While this might seem rather obvious, experts say some consumers justify spending too much on a deal thinking it will save money in the long run.


"Budgets are usually busted not by the house or the car payment, it's the superfluous things you buy because you think you're getting a good deal," says Chris Ravsten, the owner of Foxstone Financial, a Denver-based financial investment advisory firm. "It's the same concept as that thing you buy in bulk at Costco or a wholesale club because you think it's such a good deal."


Rule No. 2: Is this a need or a want?

More often than not, we convince ourselves that something is a good buy by justifying it as a necessity, but advisors say it's important to know the difference between a "need" and a "want."

A money-saving deal on groceries might qualify as satisfying a need; four weeks of cooking lessons that might eventually save money on dining out is more of a "want."


"Obviously we all have a lot of 'wants' but usually the 'needs' are the ones that fit into our budget," says Barbara Stark, education director for American Debt Counseling, a Florida-based non-profit credit counselor. "You really have to think logically and fiscally about the purchase, even though that coupon buy window is counting down."


Rule #3: Will you use it before it expires?

No matter how good the deal is, it's worthless if you don't have time to use it before it expires.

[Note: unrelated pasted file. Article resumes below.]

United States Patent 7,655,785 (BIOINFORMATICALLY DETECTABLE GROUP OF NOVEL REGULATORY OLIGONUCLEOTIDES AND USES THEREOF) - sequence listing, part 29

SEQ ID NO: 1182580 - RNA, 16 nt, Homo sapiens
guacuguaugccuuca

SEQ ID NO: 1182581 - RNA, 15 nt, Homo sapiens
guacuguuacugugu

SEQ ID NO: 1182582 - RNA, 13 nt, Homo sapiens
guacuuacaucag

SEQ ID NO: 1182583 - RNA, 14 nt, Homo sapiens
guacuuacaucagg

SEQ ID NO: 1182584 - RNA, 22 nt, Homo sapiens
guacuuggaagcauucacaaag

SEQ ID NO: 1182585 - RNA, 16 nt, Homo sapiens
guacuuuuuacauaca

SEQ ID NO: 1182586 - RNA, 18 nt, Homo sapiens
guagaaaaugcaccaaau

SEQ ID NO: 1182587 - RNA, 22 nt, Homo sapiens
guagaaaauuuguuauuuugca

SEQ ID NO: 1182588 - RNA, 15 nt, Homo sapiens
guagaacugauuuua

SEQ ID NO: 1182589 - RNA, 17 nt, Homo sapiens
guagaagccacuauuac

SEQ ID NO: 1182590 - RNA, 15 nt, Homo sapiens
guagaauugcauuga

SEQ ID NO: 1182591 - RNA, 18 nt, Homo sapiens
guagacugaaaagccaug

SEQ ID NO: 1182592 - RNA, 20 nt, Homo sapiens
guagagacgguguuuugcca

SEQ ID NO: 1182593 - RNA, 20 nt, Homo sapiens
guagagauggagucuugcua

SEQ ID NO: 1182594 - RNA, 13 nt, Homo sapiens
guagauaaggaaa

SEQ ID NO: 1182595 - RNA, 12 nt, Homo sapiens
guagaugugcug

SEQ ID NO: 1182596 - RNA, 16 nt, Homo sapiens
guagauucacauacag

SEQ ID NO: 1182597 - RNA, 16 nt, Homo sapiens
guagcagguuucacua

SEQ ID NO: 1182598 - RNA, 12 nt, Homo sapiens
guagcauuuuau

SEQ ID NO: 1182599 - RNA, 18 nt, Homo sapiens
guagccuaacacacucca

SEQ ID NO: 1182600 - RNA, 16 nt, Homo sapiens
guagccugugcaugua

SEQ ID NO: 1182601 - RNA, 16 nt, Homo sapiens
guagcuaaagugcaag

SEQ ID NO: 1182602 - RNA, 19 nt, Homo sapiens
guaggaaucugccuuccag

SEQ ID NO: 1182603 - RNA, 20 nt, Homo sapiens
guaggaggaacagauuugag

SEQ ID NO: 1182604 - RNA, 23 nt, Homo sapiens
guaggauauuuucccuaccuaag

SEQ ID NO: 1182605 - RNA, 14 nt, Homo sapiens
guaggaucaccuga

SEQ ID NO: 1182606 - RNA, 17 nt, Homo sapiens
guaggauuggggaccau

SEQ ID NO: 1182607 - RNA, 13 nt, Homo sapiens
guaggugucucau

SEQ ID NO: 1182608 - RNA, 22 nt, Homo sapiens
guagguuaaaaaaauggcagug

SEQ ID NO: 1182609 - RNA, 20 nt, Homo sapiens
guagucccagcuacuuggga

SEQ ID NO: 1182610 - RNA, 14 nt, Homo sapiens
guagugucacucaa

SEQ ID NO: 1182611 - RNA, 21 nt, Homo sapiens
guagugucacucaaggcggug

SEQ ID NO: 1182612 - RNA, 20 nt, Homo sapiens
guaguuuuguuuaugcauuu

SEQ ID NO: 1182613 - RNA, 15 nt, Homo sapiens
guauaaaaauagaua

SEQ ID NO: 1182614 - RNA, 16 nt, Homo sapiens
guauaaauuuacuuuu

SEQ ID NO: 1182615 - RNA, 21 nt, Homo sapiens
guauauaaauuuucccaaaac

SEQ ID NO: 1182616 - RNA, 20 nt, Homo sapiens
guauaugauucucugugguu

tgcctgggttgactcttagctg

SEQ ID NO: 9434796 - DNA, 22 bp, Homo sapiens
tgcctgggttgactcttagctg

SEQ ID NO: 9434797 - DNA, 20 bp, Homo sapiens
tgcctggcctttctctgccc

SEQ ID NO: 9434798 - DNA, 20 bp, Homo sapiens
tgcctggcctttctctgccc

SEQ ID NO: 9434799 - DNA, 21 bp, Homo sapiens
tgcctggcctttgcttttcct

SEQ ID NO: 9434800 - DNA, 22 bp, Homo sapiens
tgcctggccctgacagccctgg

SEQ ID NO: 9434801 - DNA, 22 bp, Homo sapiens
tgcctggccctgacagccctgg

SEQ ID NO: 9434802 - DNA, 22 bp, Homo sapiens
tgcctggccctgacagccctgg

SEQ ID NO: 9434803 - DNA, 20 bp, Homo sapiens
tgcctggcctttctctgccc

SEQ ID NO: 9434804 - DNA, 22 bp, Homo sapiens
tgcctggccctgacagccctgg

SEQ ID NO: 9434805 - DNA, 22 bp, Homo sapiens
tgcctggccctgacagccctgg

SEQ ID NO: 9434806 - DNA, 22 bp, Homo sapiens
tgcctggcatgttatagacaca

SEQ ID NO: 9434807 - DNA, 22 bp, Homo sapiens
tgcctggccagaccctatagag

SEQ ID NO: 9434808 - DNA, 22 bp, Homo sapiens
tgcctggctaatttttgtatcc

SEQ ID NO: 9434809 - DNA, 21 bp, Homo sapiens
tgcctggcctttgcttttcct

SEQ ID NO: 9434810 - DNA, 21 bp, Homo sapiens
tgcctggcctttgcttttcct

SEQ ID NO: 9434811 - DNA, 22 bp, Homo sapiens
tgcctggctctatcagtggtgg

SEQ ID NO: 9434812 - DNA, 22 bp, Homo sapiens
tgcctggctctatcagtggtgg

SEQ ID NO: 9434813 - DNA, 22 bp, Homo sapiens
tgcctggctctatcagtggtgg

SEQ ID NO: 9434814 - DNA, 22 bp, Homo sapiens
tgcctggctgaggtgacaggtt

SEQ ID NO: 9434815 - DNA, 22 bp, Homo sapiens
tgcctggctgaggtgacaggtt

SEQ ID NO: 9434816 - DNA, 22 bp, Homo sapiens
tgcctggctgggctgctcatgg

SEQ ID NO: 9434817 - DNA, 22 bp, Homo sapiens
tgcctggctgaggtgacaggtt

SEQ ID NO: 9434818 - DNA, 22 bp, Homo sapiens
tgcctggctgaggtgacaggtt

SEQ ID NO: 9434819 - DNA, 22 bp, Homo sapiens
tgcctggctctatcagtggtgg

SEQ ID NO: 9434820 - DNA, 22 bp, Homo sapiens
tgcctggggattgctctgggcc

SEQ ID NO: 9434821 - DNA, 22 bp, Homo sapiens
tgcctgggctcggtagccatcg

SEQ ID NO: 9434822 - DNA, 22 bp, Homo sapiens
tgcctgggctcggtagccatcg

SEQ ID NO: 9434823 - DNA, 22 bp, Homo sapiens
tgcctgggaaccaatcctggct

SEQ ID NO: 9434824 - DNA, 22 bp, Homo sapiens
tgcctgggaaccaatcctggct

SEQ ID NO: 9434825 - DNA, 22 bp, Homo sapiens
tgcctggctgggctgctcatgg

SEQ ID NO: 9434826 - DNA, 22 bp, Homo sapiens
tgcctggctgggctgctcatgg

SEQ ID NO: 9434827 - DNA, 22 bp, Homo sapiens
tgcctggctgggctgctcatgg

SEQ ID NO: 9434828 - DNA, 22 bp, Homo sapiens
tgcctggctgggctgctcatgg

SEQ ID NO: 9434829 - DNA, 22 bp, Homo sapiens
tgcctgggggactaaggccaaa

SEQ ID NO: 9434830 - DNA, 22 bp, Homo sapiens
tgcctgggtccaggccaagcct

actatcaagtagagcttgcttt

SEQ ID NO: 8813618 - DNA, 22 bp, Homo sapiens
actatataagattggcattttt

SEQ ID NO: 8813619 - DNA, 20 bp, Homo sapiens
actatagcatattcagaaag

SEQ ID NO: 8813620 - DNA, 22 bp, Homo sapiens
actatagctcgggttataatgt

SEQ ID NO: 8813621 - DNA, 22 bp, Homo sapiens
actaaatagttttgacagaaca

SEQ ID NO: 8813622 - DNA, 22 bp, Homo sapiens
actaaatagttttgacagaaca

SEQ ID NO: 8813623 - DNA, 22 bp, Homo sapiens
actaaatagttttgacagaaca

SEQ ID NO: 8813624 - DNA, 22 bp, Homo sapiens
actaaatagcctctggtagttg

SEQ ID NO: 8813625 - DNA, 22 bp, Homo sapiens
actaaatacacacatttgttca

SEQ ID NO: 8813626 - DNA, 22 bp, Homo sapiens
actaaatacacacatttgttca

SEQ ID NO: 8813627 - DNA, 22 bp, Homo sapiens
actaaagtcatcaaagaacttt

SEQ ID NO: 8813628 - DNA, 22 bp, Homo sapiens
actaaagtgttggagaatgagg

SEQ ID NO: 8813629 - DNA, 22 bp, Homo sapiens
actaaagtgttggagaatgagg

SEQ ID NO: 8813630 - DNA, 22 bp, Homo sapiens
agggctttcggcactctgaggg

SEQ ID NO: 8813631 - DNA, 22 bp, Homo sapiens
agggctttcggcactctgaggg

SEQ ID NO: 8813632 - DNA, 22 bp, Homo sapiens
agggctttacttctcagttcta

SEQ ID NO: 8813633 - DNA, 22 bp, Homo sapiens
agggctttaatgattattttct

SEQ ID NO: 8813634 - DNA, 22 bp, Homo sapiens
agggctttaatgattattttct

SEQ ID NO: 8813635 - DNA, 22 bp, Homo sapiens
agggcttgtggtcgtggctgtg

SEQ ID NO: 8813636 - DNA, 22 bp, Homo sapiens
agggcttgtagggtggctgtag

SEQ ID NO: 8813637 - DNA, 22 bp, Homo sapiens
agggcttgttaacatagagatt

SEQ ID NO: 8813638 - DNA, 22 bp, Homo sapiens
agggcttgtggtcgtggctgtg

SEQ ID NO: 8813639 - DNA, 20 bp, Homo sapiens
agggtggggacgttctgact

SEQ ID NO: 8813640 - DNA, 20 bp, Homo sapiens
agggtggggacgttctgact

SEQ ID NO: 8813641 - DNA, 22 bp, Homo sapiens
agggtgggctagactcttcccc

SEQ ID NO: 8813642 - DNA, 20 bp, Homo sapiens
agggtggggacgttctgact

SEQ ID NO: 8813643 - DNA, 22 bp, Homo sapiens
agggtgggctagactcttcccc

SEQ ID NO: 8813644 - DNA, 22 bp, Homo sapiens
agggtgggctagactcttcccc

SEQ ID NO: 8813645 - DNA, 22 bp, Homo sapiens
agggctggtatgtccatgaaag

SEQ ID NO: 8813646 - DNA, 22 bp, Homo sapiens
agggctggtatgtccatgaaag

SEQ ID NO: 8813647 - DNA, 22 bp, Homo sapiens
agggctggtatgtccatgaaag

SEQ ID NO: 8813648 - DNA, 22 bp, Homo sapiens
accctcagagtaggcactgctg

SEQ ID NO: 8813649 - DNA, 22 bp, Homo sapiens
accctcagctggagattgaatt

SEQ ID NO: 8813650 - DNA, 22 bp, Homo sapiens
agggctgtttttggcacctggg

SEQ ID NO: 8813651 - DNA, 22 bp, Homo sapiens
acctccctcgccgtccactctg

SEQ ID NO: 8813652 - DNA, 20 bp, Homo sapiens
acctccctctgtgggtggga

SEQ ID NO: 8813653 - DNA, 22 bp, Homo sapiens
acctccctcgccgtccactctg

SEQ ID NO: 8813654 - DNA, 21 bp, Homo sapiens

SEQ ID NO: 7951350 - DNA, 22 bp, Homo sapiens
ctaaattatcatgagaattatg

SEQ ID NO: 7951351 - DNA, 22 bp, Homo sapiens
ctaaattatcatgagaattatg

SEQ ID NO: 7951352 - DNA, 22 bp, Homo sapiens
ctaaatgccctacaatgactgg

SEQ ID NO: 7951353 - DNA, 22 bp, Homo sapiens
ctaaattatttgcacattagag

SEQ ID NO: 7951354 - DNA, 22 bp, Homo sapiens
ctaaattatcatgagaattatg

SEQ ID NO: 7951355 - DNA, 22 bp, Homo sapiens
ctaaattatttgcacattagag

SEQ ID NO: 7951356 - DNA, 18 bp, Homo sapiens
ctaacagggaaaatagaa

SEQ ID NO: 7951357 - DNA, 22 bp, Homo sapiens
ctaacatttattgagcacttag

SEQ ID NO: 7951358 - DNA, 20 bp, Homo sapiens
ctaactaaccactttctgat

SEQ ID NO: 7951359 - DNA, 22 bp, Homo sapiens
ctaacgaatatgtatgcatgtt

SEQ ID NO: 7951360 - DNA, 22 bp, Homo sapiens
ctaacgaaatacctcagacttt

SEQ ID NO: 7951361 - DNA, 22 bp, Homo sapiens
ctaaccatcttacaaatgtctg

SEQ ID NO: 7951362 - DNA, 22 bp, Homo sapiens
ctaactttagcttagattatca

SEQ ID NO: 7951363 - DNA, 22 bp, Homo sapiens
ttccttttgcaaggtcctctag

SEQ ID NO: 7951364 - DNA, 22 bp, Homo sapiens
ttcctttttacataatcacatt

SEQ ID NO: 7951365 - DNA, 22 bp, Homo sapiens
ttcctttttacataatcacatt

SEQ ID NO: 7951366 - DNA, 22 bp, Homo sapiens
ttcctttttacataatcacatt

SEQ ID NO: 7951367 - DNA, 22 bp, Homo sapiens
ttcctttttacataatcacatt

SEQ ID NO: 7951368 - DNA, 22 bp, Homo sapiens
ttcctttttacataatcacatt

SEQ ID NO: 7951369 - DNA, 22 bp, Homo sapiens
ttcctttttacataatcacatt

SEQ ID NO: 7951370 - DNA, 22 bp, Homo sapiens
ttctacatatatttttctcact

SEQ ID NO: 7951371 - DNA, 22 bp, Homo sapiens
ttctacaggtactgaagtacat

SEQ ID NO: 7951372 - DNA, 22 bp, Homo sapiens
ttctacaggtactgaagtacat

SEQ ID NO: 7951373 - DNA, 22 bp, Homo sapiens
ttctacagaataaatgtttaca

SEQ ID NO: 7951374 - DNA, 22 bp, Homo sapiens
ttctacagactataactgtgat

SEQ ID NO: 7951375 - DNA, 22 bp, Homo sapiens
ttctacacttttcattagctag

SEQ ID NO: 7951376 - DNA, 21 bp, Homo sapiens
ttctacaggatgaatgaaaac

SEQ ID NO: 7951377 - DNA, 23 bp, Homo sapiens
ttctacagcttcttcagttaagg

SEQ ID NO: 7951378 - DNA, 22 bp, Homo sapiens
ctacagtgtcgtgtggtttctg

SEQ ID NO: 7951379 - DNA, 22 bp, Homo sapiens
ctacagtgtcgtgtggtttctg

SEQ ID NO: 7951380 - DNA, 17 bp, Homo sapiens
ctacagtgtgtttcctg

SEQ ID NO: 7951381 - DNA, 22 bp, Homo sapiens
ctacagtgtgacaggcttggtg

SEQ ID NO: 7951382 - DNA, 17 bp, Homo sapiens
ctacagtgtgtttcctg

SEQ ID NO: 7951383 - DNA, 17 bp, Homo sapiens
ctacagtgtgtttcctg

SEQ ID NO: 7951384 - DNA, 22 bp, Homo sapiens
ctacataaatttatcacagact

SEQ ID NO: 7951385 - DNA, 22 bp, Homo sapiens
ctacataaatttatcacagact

Consumers should always read the fine print on any deals before making a purchase. Many offers have to be used within a certain time frame and that may not fit into the buyer's schedule.


Rule #4: What else could you do with the money?

Too often, shoppers don't consider the opportunity cost of spending money on a deal, or whether that money could be better spent on something else.


"As consumers we get into trouble because we think, 'it's just $20.' But $20 over time, day after day month after month, compounded can make a big difference," says Ravsten. "Could you be paying off debt? Saving for short-term emergencies? Not enough of us have enough liquid money on hand."


Rule #5: Will you still want this if you ignore that ticking clock?

The pressure of that countdown clock can motivate consumers to buy something that they wouldn't ordinarily buy, says Shulman, especially with compulsive spenders.


If you have determined a purchase fits within your budget, it's important to think about how soon you will make use of the purchase, says Shulman, since that pressure of the clock can compel consumers to act without thinking of when and how they will actually redeem the coupon.


Rule #6: Is the site you're buying from a reputable one?

The rapid expansion and popularity of daily deal sites can give shoppers a false sense of security about the safety of providing credit card information to any run-of-the-mill deal Web site.


Daily deal shoppers should be cautious and do a quick background check by checking the site out with the Better Business Bureau, or running a quick Google search to look for consumer reviews before giving away personal information.


See: Shopping Addiction


See also recent National Public Radio interview with a young shopaholic at: Teenage Shopaholic


The Bills Americans Pay First


Catey Hill of MarketWatch


If you want to know Americans' priorities, just look at who's got the keys to their hearts: their cars. Unfortunately, that affection can put them on the road to financial ruin.